Op-Ed: Football: The Field of Concussions

According to data released by the league, there were a total of 149 concussions suffered this season in the NFL, with 242 NFL players per year. That’s just in the NFL, for just one season, and not counting the ones that went by undiagnosed.

While American football is seen as an extremely popular, fun, and worldly-viewed contact sport, it is also the demise of a myriad of brains. And, I believe, an inhumane way of slowly and subconsciously targeting quality of life through tackles and body slams. A sport responsible for the deterioration of not only the brain but also human life.

Although it can seem like it is a thrilling way to reach your best physical self in the way of speed, agility, and coordination, it also suggests the imagery of men becoming as big as possible to be able to tackle each other until brain injuries are present, and quality lives are shortened. Football players spend their naturally short lives bashing their heads in, in turn, condensing life even more. 

This has been proven and portrayed to the public in various ways: from award-winning movies to expert neuroscientists publishing investigations. However, the severity of the problem has not been received with as much earnestness as it should be. This, of course, may be because football is not only the creator of an almost 20 billion dollar industry but also a vice for thrill-seeking sportsmen and entertainment-hungry watchers.

Football is constantly rated as the sport with the most concussions a year and the sport with the most injuries when it’s related to young players; this is proven by the fact that in 2021 there were a total of 4 direct fatalities among football players during football-related activities, and they were all high school players. All four of these deaths were due to traumatic brain injuries; three of them were during a game (1 during practice), and half were due to tackling. However, while the number of direct fatalities in 2021 is 4, the number of indirect fatalities is 13, 11 of them relating to high school football. This means that a total of 17 football players died in 2021 due to football and football-related activities, with a total of 197 players in the past decade, not including 2022.

As an added bonus, football doesn’t only threaten your life, but also its quality of it. Because if brain injuries account for 65% to 95% of all fatalities in football, imagine how much it accounts for general football injuries.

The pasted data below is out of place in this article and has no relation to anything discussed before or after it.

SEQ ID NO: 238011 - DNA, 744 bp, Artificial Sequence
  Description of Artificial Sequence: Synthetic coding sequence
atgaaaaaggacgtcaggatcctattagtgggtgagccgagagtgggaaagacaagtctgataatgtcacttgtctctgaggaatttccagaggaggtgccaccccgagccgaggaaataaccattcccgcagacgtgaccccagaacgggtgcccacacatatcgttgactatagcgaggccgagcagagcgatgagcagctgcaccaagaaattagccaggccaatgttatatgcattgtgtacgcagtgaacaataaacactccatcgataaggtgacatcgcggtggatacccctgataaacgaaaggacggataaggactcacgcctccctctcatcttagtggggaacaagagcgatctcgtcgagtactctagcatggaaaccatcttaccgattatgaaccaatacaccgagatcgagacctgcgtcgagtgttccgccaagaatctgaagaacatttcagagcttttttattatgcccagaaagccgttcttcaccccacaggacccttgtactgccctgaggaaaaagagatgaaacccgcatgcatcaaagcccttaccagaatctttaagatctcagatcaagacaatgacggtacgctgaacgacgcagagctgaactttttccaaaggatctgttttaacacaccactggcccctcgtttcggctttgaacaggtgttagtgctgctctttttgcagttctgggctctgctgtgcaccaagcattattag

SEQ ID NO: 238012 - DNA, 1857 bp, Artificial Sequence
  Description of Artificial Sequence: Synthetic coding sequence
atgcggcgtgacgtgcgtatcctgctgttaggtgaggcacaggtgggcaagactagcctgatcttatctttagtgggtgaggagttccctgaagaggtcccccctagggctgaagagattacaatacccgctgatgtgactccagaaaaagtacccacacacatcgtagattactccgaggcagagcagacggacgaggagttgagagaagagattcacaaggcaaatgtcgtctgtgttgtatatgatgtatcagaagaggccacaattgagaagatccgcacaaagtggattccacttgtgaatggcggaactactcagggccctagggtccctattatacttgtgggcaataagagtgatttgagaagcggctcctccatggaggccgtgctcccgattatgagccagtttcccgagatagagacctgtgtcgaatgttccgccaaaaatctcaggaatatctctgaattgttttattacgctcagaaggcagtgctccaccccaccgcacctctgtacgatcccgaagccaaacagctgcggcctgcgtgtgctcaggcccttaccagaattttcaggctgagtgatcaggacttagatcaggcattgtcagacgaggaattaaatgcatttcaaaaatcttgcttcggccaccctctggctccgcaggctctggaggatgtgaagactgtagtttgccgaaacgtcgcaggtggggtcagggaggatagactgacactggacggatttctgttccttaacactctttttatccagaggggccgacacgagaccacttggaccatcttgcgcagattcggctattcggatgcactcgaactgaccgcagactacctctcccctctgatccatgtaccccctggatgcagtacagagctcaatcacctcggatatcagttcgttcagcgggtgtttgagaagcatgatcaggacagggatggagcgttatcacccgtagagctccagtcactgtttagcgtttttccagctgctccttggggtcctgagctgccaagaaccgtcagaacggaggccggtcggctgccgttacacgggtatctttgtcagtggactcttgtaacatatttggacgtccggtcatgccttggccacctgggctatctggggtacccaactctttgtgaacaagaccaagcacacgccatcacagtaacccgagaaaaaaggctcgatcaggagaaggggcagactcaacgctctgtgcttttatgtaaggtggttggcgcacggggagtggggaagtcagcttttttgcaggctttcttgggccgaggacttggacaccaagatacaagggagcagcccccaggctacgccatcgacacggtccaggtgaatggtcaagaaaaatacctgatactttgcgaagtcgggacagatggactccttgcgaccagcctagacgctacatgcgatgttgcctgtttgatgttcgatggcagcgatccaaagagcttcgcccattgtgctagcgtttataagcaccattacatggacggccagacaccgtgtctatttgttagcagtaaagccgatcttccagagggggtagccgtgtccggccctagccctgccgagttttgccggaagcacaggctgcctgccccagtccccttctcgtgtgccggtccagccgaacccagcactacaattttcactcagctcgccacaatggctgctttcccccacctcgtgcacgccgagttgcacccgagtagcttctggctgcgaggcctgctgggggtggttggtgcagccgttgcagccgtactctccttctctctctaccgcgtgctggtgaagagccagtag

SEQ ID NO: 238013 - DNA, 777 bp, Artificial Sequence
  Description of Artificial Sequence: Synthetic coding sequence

Football injuries associated with the brain occur at the rate of one in every 5.5 games. And according to the CDC, brain injuries, moderate or severe, can lead to “a lifetime of physical, cognitive, emotional, and behavioral changes. These changes may affect a person’s ability to function in their everyday life.”

All in all, football appears to present the best chances of getting brain-related disorders. And while most people believe it starts with concussions, even just a few hits to the head on the football field can turn into a slow walk toward a degenerative way of living.

“Research shows that repeated hits to the head — not just concussions – can increase the risk of developing the degenerative brain condition CTE, which has been found in many former NFL players.”

CTE is a brain condition that causes depression, suicidal thoughts, aggression, and mood swings. It can also create problems with thinking and memory and may ultimately develop into dementia. Repeated blows to the head are considered the main factors for this condition. 

A 2017 study showed CTE in 99% of the brains of NFL players studied, 91% of the brains of college football players, and 21% of high school football players. And this year, an autopsy and research study showed that over 90% of the deceased NFL players’ brains studied showed signs of CTE: “Researchers at the Boston University CTE Center recently announced that they have now diagnosed CTE in the brains of 345 of 376 (91.7%) of NFL players studied.” 

Among them was the player Rick Arrington, who died last year at the age of 74 not being able to make a simple phone call, according to his daughter Jill Arrington, who no longer enjoys watching football. Rick Arrington suffered from CTE for 35 years and was finally diagnosed with Stage IV of it, thanks to the autopsy study since this condition can only be definitively diagnosed after death through a brain autopsy. Rick Arrington didn’t even have a history of concussions.

The horror of a sport like this is that the diagnosis of a concussion is not a straightforward one. According to the University of Pittsburgh Medical Center, 5 in 10 concussions go unreported or undetected, and around 300,000 of those are from football. 

This was seen in last year’s controversy when football player Tua Tagovailoa was returned to the game in spite of a medical evaluation after hitting his head on the turf and participating in constant tumbling that led viewers to believe he was concussed. Four days later, in another game, he was hit again and showed signs of a traumatic brain injury.

All of these missed concussions, CTE-led lives, and early retirements should be a significant sign that football players are getting the life gradually sucked out of them by this life-threatening game we call football. Whether it be the sports industry, medical attention in games, or the players themselves, something needs to change. And viewers need to develop an awareness of their support for the decline of our players.

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